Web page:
Motivational Interviewing for Addictions: Improving Motivation to Change

Jessica Payne
Calendar icon Last Updated: 02/25/2022

Reading Time: 7 minutes

Motivational interviewing (MI) is a collaborative therapy type to strengthen your motivation and commitment to make a change.1 Motivational interviewing for addictions was developed specifically to improve motivation to change and enter substance abuse treatment. Research has shown it is effective in helping people cut down and stop the use of alcohol, drugs, and tobacco.

What is Motivational Interviewing for Addictions?

Motivational Interviewing (MI) is a person-centered approach to enhance motivation for change.1,2 This form of addiction therapy acknowledges your expertise within your own life and your problems. MI is designed to help empower you to develop your own motivation to quit using drugs or alcohol.2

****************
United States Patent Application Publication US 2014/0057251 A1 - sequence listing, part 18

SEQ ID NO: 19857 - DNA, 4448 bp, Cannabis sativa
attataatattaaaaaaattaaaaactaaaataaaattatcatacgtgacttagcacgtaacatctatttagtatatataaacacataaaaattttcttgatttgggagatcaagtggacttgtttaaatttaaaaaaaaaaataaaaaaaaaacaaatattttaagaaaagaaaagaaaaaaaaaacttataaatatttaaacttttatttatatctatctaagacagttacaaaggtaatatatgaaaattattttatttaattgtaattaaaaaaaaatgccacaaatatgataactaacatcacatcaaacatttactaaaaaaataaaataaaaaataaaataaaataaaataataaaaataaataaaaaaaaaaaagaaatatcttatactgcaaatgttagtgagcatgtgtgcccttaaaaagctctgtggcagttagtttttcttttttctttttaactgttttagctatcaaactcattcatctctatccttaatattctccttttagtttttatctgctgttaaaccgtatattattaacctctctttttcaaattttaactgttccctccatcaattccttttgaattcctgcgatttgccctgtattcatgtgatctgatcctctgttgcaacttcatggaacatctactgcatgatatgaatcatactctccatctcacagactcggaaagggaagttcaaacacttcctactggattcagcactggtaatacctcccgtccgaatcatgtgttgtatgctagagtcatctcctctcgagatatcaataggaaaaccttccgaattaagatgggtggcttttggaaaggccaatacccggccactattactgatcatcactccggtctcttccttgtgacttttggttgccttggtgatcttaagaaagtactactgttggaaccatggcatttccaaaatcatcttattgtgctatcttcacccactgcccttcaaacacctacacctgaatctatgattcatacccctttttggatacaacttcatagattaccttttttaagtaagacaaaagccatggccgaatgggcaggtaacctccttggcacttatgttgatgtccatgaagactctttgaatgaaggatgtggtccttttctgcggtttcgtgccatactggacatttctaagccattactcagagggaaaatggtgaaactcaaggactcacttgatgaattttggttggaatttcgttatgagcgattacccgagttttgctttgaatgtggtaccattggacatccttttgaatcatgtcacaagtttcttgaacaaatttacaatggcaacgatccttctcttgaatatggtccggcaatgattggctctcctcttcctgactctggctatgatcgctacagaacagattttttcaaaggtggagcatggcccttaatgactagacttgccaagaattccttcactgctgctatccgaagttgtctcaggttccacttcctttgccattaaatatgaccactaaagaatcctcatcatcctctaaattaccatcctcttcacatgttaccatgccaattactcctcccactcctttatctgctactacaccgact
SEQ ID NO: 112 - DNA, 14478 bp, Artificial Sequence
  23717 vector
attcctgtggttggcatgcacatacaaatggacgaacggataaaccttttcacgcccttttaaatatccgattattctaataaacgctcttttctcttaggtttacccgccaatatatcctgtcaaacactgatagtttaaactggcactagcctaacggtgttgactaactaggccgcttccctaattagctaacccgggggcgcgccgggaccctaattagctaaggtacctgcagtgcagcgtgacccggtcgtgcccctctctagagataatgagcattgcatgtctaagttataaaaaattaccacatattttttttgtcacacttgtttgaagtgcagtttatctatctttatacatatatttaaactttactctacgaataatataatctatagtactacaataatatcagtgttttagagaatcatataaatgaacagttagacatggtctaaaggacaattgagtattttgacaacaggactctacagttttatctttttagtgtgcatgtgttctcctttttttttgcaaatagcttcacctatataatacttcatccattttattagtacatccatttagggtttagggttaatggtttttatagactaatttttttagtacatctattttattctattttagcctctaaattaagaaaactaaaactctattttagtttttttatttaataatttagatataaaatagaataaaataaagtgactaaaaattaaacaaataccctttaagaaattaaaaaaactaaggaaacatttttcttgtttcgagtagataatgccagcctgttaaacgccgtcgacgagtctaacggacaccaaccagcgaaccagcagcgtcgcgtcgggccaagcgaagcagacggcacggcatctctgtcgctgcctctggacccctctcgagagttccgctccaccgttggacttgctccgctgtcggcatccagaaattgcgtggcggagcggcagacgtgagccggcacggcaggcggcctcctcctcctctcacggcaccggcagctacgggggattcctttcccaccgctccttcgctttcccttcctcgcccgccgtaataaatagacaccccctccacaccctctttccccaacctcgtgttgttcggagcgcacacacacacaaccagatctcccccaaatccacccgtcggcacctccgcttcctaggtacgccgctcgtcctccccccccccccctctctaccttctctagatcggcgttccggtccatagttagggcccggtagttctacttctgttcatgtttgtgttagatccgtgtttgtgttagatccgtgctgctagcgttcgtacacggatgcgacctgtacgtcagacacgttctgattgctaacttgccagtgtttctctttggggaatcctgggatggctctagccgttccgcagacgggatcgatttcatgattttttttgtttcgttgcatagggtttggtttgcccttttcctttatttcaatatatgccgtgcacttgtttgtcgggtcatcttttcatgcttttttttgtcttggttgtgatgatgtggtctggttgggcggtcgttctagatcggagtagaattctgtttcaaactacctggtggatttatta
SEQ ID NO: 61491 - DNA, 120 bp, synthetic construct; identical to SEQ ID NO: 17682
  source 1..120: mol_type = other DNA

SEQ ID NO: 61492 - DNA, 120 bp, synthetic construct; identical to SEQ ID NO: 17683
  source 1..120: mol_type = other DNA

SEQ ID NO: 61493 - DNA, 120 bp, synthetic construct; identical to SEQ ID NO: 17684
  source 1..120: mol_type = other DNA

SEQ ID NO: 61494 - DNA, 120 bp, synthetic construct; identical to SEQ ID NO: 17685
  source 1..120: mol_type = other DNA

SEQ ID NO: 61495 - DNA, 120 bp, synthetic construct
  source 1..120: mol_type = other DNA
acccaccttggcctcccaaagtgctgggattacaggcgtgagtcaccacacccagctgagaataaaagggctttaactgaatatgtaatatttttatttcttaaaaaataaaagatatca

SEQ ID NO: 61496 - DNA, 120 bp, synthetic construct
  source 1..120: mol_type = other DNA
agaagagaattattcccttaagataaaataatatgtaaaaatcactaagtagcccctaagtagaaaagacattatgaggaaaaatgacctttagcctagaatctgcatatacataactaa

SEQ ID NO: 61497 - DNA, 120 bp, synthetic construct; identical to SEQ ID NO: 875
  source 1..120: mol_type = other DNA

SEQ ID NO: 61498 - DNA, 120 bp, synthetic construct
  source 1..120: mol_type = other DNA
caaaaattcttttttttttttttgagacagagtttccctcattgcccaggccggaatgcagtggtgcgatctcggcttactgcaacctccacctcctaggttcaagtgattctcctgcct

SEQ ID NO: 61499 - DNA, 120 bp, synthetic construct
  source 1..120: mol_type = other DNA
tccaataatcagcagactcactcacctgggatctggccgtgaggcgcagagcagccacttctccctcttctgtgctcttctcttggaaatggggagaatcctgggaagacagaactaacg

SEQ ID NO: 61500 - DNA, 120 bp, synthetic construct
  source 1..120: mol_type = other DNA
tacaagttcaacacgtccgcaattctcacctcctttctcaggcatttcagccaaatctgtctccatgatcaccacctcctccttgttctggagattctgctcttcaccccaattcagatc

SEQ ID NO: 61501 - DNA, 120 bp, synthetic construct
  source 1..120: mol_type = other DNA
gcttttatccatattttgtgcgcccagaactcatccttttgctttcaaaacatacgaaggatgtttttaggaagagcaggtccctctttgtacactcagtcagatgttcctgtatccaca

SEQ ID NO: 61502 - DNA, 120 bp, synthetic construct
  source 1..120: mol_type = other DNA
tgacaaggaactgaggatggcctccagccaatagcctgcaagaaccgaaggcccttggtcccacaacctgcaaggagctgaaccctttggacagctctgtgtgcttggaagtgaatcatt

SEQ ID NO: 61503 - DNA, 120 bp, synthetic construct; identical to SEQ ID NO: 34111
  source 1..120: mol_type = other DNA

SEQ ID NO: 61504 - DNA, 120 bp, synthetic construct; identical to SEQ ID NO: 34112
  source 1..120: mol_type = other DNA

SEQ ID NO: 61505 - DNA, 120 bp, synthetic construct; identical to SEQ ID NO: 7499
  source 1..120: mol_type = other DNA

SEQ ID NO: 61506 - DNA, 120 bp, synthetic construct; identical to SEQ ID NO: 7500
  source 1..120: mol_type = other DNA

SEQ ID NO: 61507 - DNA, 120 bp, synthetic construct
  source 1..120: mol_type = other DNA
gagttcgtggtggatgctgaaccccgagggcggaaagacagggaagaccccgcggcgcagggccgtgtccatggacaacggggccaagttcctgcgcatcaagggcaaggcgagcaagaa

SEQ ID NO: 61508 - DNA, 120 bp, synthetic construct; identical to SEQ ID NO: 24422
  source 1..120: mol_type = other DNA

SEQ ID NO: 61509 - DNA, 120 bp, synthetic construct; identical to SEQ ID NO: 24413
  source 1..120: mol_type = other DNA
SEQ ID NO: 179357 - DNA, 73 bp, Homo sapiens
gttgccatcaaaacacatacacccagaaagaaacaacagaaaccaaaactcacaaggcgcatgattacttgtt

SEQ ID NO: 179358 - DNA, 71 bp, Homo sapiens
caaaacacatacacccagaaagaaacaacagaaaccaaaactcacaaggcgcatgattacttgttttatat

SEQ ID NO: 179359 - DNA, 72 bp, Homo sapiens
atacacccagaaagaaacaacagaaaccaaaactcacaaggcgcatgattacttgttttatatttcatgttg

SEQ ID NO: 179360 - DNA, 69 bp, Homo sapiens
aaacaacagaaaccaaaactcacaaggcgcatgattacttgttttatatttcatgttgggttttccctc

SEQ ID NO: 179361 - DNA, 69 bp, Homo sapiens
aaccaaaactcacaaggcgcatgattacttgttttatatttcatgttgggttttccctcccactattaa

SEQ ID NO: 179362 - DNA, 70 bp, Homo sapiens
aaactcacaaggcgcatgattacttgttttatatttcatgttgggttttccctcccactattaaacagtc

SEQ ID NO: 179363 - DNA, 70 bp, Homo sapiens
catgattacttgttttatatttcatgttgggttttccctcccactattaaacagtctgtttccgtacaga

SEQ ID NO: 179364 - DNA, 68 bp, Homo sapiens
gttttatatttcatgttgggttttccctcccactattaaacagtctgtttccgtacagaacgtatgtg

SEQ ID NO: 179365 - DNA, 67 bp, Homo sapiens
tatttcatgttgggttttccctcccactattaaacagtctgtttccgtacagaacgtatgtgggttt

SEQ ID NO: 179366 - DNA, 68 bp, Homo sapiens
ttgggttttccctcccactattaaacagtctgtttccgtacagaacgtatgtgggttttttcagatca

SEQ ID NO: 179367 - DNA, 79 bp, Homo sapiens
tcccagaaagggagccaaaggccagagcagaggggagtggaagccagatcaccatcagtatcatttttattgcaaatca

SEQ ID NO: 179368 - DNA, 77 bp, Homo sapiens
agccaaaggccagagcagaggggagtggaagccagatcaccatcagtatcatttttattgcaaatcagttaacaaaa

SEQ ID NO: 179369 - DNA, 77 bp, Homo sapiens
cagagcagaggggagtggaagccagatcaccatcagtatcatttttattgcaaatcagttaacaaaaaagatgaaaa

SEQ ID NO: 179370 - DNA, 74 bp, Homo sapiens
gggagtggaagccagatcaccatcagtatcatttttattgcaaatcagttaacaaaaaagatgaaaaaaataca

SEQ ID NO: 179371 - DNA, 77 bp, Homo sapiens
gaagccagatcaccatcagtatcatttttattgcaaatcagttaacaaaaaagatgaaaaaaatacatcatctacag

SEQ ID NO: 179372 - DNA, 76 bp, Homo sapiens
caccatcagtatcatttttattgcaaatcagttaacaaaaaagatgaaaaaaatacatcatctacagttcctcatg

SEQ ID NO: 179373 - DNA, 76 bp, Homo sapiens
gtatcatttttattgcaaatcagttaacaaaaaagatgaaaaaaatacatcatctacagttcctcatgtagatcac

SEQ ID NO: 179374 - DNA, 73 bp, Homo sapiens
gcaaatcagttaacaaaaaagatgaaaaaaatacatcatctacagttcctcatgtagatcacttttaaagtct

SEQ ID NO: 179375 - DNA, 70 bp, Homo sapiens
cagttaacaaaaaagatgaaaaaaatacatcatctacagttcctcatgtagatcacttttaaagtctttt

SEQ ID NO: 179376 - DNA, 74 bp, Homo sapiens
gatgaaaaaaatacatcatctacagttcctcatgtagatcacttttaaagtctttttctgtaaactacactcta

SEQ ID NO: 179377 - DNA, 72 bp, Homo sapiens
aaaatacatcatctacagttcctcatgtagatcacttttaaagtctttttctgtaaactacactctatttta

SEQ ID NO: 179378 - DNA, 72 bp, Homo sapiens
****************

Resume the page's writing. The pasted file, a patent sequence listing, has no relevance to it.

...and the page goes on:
MI is a highly flexible approach to therapy. The relationship between you and your provider is viewed as a partnership rather than a relationship whereby they are the expert, and you are the patient.2

The concept of motivation is an important factor in long-lasting recovery from substance use disorders.3 There are two types of motivation: intrinsic and extrinsic.

Intrinsic motivation is change due to the internal desire to achieve inherent satisfaction and enjoyment, whereas extrinsic motivation is change due to external factors, such as a punishment or reward.3

For example, MI is a psychosocial intervention designed to enhance intrinsic motivation. MI enhances this motivation by eliciting and strengthening your commitment to change.3 Additionally, MI helps explore and resolve ambivalence about entering addiction treatment.4 This exploration and resolution increase motivation and commitment.

Motivational Interviewing Techniques and Goals

Motivational Interviewing techniques and goals are designed to create nonjudgmental guidance toward increasing your readiness to change.4 This includes empathically listening and evoking your reason(s) for change.